Common to both methods is that they sign the essence of each xml document. Presence or not of a BOM or <?xml?> header is ignored. Comments are ignored, as is whether text is protected as CDATA or with entities. Order and quoting style of attributes doesn’t matter, nor does how you render empty tags.

For any file which is not valid xml, or if the Expat based XML::Parser or the XML::LibXML parser is not installed, this falls back to method md5. If you switch your Perl installation from one of the parsers to the others, makepp will think the files are different as soon as their timestamp changes. This is because the result of either parser is logically equivalent, but they produce different signatures. In the unlikely case that this is a problem, you can force use of only XML::LibXML by setting in Perl:

    $Mpp::Signature::xml::libxml = 1;

    Extending applicability

The C or c_compilation_md5 method has a built in list of suffixes it recognizes as being C or C-like. If it gets applied to other files it falls back to simpler signature methods. But many file types are syntactically close enough to C++ for this method to be useful. Close enough means C++ comment and string syntax and whitespace is meaningless except one space between words (and C++’s problem cases - -, + +, / * and < <).

It (and its subclasses) can now easily be extended to other suffixes. Anyplace you can specify a signature you can now tack on one one of these syntaxes to make the method accept additional filenames:
C.suffix1,suffix2,suffix3 One or more comma-separated suffixes can be added to the method by a colon. For example C.ipp,tpp means that besides the built in suffixes it will also apply to files ending in .ipp or .tpp, which you might be using for the inline and template part of C++ headers.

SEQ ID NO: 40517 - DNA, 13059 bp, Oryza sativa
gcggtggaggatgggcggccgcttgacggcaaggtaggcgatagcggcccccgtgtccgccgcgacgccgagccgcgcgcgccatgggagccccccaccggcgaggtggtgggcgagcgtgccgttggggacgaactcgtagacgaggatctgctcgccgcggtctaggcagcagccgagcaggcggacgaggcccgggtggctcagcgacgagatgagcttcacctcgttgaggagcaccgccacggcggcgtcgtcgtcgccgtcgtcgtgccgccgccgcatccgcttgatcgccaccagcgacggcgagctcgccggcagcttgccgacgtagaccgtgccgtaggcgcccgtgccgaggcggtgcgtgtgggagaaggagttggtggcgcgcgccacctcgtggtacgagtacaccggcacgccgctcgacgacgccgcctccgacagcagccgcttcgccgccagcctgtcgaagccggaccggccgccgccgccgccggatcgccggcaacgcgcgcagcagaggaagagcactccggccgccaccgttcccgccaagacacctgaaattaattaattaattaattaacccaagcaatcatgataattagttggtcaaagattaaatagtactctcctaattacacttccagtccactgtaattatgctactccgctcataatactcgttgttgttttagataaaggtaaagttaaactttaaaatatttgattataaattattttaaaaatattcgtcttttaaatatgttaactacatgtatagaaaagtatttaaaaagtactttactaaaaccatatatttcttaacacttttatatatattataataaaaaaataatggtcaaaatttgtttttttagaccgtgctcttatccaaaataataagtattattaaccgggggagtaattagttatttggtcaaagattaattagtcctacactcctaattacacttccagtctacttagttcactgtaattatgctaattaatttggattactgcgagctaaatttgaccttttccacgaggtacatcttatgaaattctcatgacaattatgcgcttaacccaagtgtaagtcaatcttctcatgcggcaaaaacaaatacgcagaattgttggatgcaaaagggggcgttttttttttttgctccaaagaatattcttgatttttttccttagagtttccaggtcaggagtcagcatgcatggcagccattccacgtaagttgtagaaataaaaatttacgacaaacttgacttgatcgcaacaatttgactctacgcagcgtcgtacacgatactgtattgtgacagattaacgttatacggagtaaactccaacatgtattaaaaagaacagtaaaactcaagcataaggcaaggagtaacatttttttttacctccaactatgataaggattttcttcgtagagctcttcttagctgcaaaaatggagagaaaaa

C.(suffix-regexp) This is like the previous, but instead of enumerating suffixes, you give a Perl regular expression to match the ones you want. The previous example would be C.(ipp|tpp) or C.([it]pp) in this syntax.
C(regexp) Without a dot the Perl regular expression can match anywhere in the file name. If it includes a slash, it will be tried against the fully qualified filename. So if you have C++ style suffixless headers in a directory include, use C(/include/) as your signature method. However the above suffix example would be quite nasty this way, C(\.(?:ipp|tpp)$$) or C(\.[it]pp$$) because $ is the expansion character in makefiles.


Signature methods apply to all files of a rule. Now if you have a compiler that takes a C like source code and an XML configuration file you’d either need a combined signature method that smartly handles both file types, or you must choose an existing method which will not know whether a change in the other file is significant.

In the future signature method configuration may be changed to filename-pattern, optionally per command.

    Custom methods

You can, if you want, define your own methods for calculating file signatures and comparing them. You will need to write a Perl module to do this. Have a look at the comments in Mpp/ in the distribution, and also at the existing signature algorithms in Mpp/Signature/*.pm for details.

Here are some cases where you might want a custom signature method:
o When you want all changes in a file to be ignored. Say you always want dateStamp.o to be a dependency (to force a rebuild), but you don’t want to rebuild if only dateStamp.o has changed. You could define a signature method that inherits from c_compilation_md5 that recognizes the dateStamp.o file by its name, and always returns a constant value for that file.
o When you want to ignore part of a file. Suppose that you have a program that generates a file that has a date stamp in it, but you don’t want to recompile if only the date stamp has changed. Just define a signature method similar to c_compilation_md5 that understands your file format and skips the parts you don’t want to take into account.

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perl v5.20.3 MAKEPP_SIGNATURES (1) 2012-02-07